Dineley was heard as a companion case alongside R. v. St Onge Lamoureux and involved an analysis of whether legislative amendments to Canada’s impaired driving laws could operate retrospectively, thereby preventing the accused from calling an expert witness to cast doubt on Breathalyzer results. The amendments in question only became law during the course of Mr. Dineley’s trial.
Some of the legislative amendments in question had been declared unconstitutional in St-Onge Lamoureux, while others limiting the evidence that an accused could call to cast doubt upon Breathalyzer results had been upheld. The question was whether these constitutionally valid amendments were merely procedural (in which case they could be applied retrospectively) or substantive (in which case only prospective application would be allowed).
The trial judge, and later the summary conviction appeal court, found that the amendments had a substantive effect on the defence of the accused and therefore allowed him to call the Breathalyzer results into question as had previously been allowed. The end result of Mr. Dineley’s trial was an acquittal.
The Ontario Court of Appeal, however, came to a different conclusion, finding that the legislative amendments were merely procedural in nature and could operate retrospectively, and on this basis ordered a new trial.
The Supreme Court of Canada overturned the Court of Appeal’s decision, noting that insofar as a legislative amendment affected an accused person’s right to utilize a defence, it is substantial and therefore cannot be applied retrospectively:
Unlike MacPherson J.A., I must conclude that the Carter defence has been eliminated as an independent means to raise a reasonable doubt about the reliability of breathalyzer test results. This, in my view, indicates that the provisions are not merely procedural; they affect a defence open to an accused and are therefore subject to the presumption against the retrospective application of new legislation. I agree with Mayrand J.A. in R. v. Gervais (1978), 43 C.C.C. (2d) 533 (Que. C.A.), that the right of an accused to rely on a defence is a substantive right and that new legislation has to be interpreted so as not to deprive the accused of a defence that would have been open to him or her at the time of the impugned act (p. 535).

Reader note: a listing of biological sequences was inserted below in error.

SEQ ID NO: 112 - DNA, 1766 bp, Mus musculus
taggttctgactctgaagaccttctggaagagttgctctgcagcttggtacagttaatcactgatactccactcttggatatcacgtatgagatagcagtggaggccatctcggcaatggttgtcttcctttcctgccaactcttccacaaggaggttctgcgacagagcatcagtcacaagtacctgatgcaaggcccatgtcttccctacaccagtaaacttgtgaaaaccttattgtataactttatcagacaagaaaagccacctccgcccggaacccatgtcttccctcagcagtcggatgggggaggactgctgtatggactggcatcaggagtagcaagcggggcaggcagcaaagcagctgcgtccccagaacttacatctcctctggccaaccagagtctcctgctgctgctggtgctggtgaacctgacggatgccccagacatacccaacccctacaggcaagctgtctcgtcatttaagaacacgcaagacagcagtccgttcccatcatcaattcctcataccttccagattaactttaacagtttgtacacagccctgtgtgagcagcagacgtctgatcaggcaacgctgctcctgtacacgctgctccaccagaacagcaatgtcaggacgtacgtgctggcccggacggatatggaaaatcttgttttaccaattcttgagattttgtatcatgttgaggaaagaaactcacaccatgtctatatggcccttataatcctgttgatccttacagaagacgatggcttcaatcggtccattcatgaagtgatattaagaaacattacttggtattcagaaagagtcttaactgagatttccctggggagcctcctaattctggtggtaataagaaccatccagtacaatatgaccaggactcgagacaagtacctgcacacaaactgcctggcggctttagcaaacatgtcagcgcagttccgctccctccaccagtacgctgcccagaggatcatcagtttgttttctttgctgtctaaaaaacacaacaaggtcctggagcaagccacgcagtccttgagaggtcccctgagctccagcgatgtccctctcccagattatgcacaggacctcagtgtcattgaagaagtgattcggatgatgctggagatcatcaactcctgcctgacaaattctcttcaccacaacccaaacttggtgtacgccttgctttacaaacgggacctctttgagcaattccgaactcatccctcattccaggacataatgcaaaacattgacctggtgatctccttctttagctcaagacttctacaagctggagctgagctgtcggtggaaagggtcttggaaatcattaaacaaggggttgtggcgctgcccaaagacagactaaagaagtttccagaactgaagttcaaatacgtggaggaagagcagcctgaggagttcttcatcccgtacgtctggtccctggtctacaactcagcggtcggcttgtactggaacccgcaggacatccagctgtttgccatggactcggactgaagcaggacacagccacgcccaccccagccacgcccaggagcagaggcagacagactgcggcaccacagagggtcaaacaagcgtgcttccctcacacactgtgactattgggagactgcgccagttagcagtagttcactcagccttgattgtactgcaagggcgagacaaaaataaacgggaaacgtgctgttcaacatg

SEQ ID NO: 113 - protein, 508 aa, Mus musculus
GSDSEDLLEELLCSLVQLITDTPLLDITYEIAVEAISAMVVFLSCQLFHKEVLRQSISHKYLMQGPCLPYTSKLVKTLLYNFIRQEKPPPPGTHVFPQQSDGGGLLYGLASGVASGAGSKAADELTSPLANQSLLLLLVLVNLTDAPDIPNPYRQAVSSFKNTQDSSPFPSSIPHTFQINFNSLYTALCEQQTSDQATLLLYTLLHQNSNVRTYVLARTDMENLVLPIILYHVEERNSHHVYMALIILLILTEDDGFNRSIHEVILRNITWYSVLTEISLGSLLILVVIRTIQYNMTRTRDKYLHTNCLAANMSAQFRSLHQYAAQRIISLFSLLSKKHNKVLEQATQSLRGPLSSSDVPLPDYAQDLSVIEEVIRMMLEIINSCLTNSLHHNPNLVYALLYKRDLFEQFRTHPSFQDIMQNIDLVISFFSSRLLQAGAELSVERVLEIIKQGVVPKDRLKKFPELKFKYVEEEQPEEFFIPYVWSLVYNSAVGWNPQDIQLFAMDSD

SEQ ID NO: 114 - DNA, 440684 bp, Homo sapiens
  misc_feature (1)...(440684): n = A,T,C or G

In addition, Deschamps J., writing on behalf of the majority, concluded that the elimination of the Carter defence affected the presumption of innocence and was only saved as a “reasonable limit” under Section 1 of the Charter of Rights and Freedoms. Any legislative amendment that engages Charter rights, Deschamps explained, is by its very nature substantive, even if it is ultimately found to be constitutional under Section 1.
Based on these reasons, it was found that the amendments to Section 258(1)(c) of the Criminal Code could not be applied retroactively and that Mr. Dineley’s acquittal should therefore stand.